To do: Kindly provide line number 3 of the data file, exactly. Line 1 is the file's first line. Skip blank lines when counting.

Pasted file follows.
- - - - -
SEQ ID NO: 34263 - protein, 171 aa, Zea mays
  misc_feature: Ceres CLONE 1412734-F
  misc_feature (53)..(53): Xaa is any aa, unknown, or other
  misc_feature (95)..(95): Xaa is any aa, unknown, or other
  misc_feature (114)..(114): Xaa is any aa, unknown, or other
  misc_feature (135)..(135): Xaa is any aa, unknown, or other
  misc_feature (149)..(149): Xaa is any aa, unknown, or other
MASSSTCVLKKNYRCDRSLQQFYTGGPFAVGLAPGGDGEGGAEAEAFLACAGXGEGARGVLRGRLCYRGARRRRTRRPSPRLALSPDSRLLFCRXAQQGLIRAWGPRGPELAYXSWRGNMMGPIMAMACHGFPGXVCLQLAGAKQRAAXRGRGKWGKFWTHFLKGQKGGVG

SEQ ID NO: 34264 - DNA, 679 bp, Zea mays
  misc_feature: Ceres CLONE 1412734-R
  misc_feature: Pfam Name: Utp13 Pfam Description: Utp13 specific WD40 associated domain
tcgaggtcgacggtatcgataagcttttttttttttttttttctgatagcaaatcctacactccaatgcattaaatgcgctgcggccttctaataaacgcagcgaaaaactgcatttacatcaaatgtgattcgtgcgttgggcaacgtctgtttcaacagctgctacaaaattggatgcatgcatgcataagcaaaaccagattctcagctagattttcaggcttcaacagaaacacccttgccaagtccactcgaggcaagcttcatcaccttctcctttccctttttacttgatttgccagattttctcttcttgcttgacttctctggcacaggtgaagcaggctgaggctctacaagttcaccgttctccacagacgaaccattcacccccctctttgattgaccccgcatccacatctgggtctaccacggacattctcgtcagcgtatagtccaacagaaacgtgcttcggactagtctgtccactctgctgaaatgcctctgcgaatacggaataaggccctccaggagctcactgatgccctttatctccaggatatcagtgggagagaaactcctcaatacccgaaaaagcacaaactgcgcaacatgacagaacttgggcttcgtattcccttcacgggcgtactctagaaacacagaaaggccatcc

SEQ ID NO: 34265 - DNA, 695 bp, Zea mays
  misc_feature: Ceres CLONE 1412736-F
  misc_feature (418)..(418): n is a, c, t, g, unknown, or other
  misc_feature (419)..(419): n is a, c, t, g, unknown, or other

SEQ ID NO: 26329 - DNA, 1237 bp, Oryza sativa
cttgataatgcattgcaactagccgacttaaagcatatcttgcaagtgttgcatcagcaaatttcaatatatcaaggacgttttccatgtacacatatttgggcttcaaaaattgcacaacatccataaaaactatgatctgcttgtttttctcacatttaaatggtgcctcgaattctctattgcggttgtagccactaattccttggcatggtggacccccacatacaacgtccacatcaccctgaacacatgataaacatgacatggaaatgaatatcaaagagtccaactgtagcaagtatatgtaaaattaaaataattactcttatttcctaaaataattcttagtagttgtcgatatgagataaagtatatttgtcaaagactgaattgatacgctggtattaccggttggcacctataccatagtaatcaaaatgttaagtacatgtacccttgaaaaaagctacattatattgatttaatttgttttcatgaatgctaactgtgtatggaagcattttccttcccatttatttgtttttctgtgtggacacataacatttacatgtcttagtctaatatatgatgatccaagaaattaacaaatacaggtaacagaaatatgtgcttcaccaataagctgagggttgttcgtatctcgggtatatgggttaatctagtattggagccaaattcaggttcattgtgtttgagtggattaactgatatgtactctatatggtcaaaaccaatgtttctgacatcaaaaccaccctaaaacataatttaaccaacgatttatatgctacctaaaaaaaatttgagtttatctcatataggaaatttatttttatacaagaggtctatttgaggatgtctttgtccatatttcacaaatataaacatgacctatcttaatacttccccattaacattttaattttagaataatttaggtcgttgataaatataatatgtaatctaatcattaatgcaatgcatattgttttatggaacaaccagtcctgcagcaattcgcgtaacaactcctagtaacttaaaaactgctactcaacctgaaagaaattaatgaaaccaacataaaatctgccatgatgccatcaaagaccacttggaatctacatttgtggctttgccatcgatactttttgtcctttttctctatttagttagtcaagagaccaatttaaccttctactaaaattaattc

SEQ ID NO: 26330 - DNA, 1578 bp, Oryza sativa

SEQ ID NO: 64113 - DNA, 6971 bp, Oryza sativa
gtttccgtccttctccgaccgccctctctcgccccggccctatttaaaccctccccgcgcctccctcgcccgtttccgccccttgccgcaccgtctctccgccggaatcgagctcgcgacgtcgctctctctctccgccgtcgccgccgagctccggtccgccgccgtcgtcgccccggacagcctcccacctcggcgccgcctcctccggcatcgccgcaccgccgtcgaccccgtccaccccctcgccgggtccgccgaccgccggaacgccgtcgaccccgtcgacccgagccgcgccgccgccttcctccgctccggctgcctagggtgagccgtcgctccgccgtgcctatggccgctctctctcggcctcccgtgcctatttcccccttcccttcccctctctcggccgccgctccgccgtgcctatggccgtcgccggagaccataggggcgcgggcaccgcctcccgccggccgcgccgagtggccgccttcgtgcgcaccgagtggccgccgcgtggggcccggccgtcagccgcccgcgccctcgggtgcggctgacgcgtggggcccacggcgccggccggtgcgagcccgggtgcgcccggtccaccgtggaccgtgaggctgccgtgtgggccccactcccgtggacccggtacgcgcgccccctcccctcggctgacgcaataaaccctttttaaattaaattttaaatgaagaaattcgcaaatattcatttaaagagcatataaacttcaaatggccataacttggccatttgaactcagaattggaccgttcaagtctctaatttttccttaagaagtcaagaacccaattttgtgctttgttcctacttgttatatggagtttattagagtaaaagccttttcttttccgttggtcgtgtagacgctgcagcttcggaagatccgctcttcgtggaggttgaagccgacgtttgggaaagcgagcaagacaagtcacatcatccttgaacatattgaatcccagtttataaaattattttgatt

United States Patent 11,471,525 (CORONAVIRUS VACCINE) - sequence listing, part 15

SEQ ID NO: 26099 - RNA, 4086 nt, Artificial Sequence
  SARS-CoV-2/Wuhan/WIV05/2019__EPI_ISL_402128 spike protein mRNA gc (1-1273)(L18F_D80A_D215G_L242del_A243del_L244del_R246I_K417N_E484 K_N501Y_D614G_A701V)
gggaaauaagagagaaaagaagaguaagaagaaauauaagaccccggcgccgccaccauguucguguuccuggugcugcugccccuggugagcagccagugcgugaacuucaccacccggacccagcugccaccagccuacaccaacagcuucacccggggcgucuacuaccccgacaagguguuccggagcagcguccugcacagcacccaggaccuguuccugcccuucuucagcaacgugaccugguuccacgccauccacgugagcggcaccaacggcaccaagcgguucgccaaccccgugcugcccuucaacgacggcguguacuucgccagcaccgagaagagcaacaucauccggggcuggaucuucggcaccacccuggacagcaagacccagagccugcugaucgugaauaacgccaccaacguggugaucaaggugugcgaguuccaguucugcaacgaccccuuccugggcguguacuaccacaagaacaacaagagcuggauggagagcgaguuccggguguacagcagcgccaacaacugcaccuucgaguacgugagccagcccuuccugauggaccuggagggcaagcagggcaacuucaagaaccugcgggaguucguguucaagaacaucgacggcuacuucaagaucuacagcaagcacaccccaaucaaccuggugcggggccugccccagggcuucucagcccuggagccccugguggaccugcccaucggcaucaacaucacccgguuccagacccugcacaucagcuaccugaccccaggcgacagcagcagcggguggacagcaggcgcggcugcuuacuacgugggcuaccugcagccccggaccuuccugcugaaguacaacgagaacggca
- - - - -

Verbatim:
  misc_feature (53)..(53): Xaa is any aa, unknown, or other